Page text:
SEN. WEBB: And from our — at least from the perspective I think of the people who are concerned about where we are, it is the conundrum that we face hearing the preponderance of testimony of people like yourselves reading the Iraq Study Group reports where the recommendations are concurrent, that there should be some sort of military — continuation of military action to try to assist the present government but at the same time that there should be strong diplomatic action. And the overwhelming recommendation is that this include opening up dialogue with Syria and Iran, and yet if this administration refuses or consciously avoids that step, then what you have in the Baker-Hamilton report is a complete stoppage of half of what their recommendations consist of.

Chairman Hamilton mentioned the other day when I asked him that this step forward — this procedural step forward should arguably come from the president and the secretary of State, and I don’t think we’re likely to see it.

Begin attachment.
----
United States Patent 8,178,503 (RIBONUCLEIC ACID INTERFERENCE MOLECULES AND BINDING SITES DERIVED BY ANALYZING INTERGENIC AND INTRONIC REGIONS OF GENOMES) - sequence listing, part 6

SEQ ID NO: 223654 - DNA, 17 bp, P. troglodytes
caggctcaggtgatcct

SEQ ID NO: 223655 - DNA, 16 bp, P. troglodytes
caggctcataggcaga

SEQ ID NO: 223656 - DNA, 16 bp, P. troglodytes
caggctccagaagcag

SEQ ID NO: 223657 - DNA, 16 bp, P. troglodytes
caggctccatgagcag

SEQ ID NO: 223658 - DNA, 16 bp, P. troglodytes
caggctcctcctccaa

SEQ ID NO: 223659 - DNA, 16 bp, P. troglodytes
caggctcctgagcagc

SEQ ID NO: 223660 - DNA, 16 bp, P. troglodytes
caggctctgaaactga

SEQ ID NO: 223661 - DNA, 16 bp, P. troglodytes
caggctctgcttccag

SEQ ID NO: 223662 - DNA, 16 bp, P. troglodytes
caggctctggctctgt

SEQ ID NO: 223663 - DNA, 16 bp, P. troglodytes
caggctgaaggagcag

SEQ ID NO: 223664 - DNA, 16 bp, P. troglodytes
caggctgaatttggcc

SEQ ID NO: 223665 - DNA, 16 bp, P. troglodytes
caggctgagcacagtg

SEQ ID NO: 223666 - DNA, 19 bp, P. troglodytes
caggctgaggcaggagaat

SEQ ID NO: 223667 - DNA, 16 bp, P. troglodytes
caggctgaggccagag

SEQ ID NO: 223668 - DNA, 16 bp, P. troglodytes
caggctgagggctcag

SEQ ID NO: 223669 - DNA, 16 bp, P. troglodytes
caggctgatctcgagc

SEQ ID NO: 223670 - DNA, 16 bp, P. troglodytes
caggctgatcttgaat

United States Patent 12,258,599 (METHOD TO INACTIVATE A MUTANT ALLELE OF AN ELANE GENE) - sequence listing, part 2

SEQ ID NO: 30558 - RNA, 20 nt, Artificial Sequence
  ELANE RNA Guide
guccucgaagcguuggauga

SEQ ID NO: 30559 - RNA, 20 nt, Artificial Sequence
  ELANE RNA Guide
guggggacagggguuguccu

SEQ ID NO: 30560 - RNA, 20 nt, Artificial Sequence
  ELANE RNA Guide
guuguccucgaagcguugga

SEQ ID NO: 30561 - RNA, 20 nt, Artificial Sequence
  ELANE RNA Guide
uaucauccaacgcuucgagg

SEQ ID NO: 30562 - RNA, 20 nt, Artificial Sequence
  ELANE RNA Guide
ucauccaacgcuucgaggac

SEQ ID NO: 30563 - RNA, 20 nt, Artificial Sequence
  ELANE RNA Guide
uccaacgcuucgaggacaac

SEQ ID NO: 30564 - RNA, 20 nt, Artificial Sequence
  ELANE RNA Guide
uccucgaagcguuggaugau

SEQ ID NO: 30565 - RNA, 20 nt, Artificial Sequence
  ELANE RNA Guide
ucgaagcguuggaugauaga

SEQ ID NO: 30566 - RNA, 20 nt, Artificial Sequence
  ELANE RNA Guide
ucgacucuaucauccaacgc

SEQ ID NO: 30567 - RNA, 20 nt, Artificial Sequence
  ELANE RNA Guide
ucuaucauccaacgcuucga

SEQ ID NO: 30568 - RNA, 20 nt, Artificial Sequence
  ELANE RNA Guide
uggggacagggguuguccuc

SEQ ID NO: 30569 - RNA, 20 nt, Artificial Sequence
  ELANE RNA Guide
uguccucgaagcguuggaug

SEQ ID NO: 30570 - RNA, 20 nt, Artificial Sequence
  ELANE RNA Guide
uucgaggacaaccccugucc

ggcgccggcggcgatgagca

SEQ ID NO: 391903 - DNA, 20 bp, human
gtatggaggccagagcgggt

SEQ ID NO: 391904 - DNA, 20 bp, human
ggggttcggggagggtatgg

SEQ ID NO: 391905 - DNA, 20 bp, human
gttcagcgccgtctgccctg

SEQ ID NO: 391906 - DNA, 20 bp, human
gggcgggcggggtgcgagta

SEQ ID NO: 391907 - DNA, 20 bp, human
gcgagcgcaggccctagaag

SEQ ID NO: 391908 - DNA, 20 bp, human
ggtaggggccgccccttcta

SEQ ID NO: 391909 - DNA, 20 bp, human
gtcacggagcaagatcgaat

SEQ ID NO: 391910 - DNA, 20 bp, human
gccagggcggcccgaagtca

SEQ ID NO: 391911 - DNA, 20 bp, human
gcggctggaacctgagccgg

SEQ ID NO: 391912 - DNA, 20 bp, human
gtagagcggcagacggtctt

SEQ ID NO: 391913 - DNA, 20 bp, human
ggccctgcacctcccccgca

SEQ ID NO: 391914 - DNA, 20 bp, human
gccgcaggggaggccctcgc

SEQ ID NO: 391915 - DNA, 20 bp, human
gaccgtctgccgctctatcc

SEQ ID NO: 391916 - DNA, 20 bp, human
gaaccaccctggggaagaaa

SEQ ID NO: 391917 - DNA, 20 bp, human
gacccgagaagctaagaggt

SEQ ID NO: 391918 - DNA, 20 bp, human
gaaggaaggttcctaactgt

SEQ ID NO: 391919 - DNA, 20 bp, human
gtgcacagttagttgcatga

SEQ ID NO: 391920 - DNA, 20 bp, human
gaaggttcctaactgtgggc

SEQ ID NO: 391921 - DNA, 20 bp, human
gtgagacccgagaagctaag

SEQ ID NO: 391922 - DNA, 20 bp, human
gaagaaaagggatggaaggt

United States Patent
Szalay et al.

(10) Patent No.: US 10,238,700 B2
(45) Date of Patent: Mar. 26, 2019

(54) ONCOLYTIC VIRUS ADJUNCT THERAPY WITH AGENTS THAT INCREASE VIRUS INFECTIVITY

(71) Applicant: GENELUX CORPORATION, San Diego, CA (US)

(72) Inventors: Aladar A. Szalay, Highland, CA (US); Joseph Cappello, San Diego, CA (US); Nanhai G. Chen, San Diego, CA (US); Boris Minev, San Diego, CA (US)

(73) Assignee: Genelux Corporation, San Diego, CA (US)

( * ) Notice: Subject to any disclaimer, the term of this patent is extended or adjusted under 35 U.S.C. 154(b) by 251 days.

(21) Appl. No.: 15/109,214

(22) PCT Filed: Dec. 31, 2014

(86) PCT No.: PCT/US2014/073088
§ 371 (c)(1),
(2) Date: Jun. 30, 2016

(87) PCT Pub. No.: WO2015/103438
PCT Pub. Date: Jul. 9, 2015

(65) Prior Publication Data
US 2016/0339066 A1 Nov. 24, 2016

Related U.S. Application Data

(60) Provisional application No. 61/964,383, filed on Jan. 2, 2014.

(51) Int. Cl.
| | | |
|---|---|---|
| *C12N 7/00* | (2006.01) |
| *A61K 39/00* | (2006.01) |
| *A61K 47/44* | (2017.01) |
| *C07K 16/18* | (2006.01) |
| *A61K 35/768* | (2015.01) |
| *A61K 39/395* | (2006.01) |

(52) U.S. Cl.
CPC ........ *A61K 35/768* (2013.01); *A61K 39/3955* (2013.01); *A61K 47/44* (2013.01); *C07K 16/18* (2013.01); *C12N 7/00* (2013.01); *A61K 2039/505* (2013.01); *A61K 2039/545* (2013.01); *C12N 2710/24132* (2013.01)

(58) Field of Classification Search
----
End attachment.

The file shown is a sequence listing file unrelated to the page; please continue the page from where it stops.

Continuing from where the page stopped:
Would you comment?

MR. BRZEZINSKI: I think you’re right in your last comment in the sense that constitutes a kind of constitutional stalemate which can only be broken, in my judgment, given the circumstances and given the stakes involved, by congressional leadership, and hopefully bipartisan congressional leadership. Because at stake truly is the future of this country and its role in the world. And if we get bogged down into something very messy and expanding, American global leadership will be in the gravest of jeopardy. It already is largely de- legitimated worldwide.

So congressional leadership here is important and that joint leadership can only emerge, particularly the president’s own party — the leadership of the president’s party — out of patriotic concerns — becomes convinced itself that the president has to be faced with the reality that much of the nation, and the Congress specifically, has a very different view of what is needed and has a very different assessment of what is happening.

What a major challenge.

SEN. WEBB: Thank you very much. Thank you for your testimony. Thank you for being here today.

SEN. BIDEN: That’s what we’re, I might add, attempting to do; whether it will work or not it is the first step.

If you have any — I’m not being facetious here — any additional ideas as to how to do that with specificity, they’d be welcome, but we have a vote –